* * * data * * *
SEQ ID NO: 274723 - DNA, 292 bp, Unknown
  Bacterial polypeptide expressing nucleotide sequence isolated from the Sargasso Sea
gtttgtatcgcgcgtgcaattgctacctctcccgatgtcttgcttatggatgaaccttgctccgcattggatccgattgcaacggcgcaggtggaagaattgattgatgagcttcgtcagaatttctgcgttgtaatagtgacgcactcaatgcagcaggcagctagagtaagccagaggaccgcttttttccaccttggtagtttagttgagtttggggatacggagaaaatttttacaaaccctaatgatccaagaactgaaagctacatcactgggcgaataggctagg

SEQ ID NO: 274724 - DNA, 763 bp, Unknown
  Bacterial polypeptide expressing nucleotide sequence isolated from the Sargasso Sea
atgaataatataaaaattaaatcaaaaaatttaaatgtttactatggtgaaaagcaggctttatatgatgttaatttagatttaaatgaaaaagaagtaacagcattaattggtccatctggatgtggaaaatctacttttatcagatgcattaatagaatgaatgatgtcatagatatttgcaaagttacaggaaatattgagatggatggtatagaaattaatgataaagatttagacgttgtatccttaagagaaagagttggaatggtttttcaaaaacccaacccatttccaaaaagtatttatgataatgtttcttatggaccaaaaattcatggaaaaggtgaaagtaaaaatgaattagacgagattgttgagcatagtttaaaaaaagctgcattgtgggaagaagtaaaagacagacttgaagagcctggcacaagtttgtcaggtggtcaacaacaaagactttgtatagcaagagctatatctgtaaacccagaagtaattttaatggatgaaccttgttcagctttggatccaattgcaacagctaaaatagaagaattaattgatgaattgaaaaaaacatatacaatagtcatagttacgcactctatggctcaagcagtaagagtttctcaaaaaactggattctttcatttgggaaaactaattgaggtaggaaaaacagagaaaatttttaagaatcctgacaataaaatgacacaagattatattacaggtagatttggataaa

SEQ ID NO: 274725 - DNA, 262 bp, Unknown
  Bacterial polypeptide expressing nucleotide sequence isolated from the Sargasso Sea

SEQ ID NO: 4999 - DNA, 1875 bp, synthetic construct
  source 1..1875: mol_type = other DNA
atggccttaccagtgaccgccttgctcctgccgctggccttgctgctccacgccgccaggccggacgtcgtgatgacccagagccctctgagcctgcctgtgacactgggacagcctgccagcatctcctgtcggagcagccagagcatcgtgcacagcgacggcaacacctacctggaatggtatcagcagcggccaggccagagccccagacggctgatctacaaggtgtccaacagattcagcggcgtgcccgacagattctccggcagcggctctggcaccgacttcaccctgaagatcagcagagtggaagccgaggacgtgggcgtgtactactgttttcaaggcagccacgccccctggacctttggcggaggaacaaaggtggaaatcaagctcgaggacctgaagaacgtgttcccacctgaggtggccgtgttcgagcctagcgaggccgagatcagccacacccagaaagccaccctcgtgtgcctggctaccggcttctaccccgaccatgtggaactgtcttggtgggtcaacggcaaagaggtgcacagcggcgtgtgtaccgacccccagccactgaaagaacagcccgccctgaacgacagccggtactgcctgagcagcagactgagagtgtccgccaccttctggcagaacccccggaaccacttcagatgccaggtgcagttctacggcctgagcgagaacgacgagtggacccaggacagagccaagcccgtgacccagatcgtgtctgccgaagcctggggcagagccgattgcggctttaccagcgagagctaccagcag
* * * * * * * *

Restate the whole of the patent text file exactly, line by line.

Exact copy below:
SEQ ID NO: 274723 - DNA, 292 bp, Unknown
  Bacterial polypeptide expressing nucleotide sequence isolated from the Sargasso Sea
gtttgtatcgcgcgtgcaattgctacctctcccgatgtcttgcttatggatgaaccttgctccgcattggatccgattgcaacggcgcaggtggaagaattgattgatgagcttcgtcagaatttctgcgttgtaatagtgacgcactcaatgcagcaggcagctagagtaagccagaggaccgcttttttccaccttggtagtttagttgagtttggggatacggagaaaatttttacaaaccctaatgatccaagaactgaaagctacatcactgggcgaataggctagg

SEQ ID NO: 274724 - DNA, 763 bp, Unknown
  Bacterial polypeptide expressing nucleotide sequence isolated from the Sargasso Sea
atgaataatataaaaattaaatcaaaaaatttaaatgtttactatggtgaaaagcaggctttatatgatgttaatttagatttaaatgaaaaagaagtaacagcattaattggtccatctggatgtggaaaatctacttttatcagatgcattaatagaatgaatgatgtcatagatatttgcaaagttacaggaaatattgagatggatggtatagaaattaatgataaagatttagacgttgtatccttaagagaaagagttggaatggtttttcaaaaacccaacccatttccaaaaagtatttatgataatgtttcttatggaccaaaaattcatggaaaaggtgaaagtaaaaatgaattagacgagattgttgagcatagtttaaaaaaagctgcattgtgggaagaagtaaaagacagacttgaagagcctggcacaagtttgtcaggtggtcaacaacaaagactttgtatagcaagagctatatctgtaaacccagaagtaattttaatggatgaaccttgttcagctttggatccaattgcaacagctaaaatagaagaattaattgatgaattgaaaaaaacatatacaatagtcatagttacgcactctatggctcaagcagtaagagtttctcaaaaaactggattctttcatttgggaaaactaattgaggtaggaaaaacagagaaaatttttaagaatcctgacaataaaatgacacaagattatattacaggtagatttggataaa

SEQ ID NO: 274725 - DNA, 262 bp, Unknown
  Bacterial polypeptide expressing nucleotide sequence isolated from the Sargasso Sea

SEQ ID NO: 4999 - DNA, 1875 bp, synthetic construct
  source 1..1875: mol_type = other DNA
atggccttaccagtgaccgccttgctcctgccgctggccttgctgctccacgccgccaggccggacgtcgtgatgacccagagccctctgagcctgcctgtgacactgggacagcctgccagcatctcctgtcggagcagccagagcatcgtgcacagcgacggcaacacctacctggaatggtatcagcagcggccaggccagagccccagacggctgatctacaaggtgtccaacagattcagcggcgtgcccgacagattctccggcagcggctctggcaccgacttcaccctgaagatcagcagagtggaagccgaggacgtgggcgtgtactactgttttcaaggcagccacgccccctggacctttggcggaggaacaaaggtggaaatcaagctcgaggacctgaagaacgtgttcccacctgaggtggccgtgttcgagcctagcgaggccgagatcagccacacccagaaagccaccctcgtgtgcctggctaccggcttctaccccgaccatgtggaactgtcttggtgggtcaacggcaaagaggtgcacagcggcgtgtgtaccgacccccagccactgaaagaacagcccgccctgaacgacagccggtactgcctgagcagcagactgagagtgtccgccaccttctggcagaacccccggaaccacttcagatgccaggtgcagttctacggcctgagcgagaacgacgagtggacccaggacagagccaagcccgtgacccagatcgtgtctgccgaagcctggggcagagccgattgcggctttaccagcgagagctaccagcag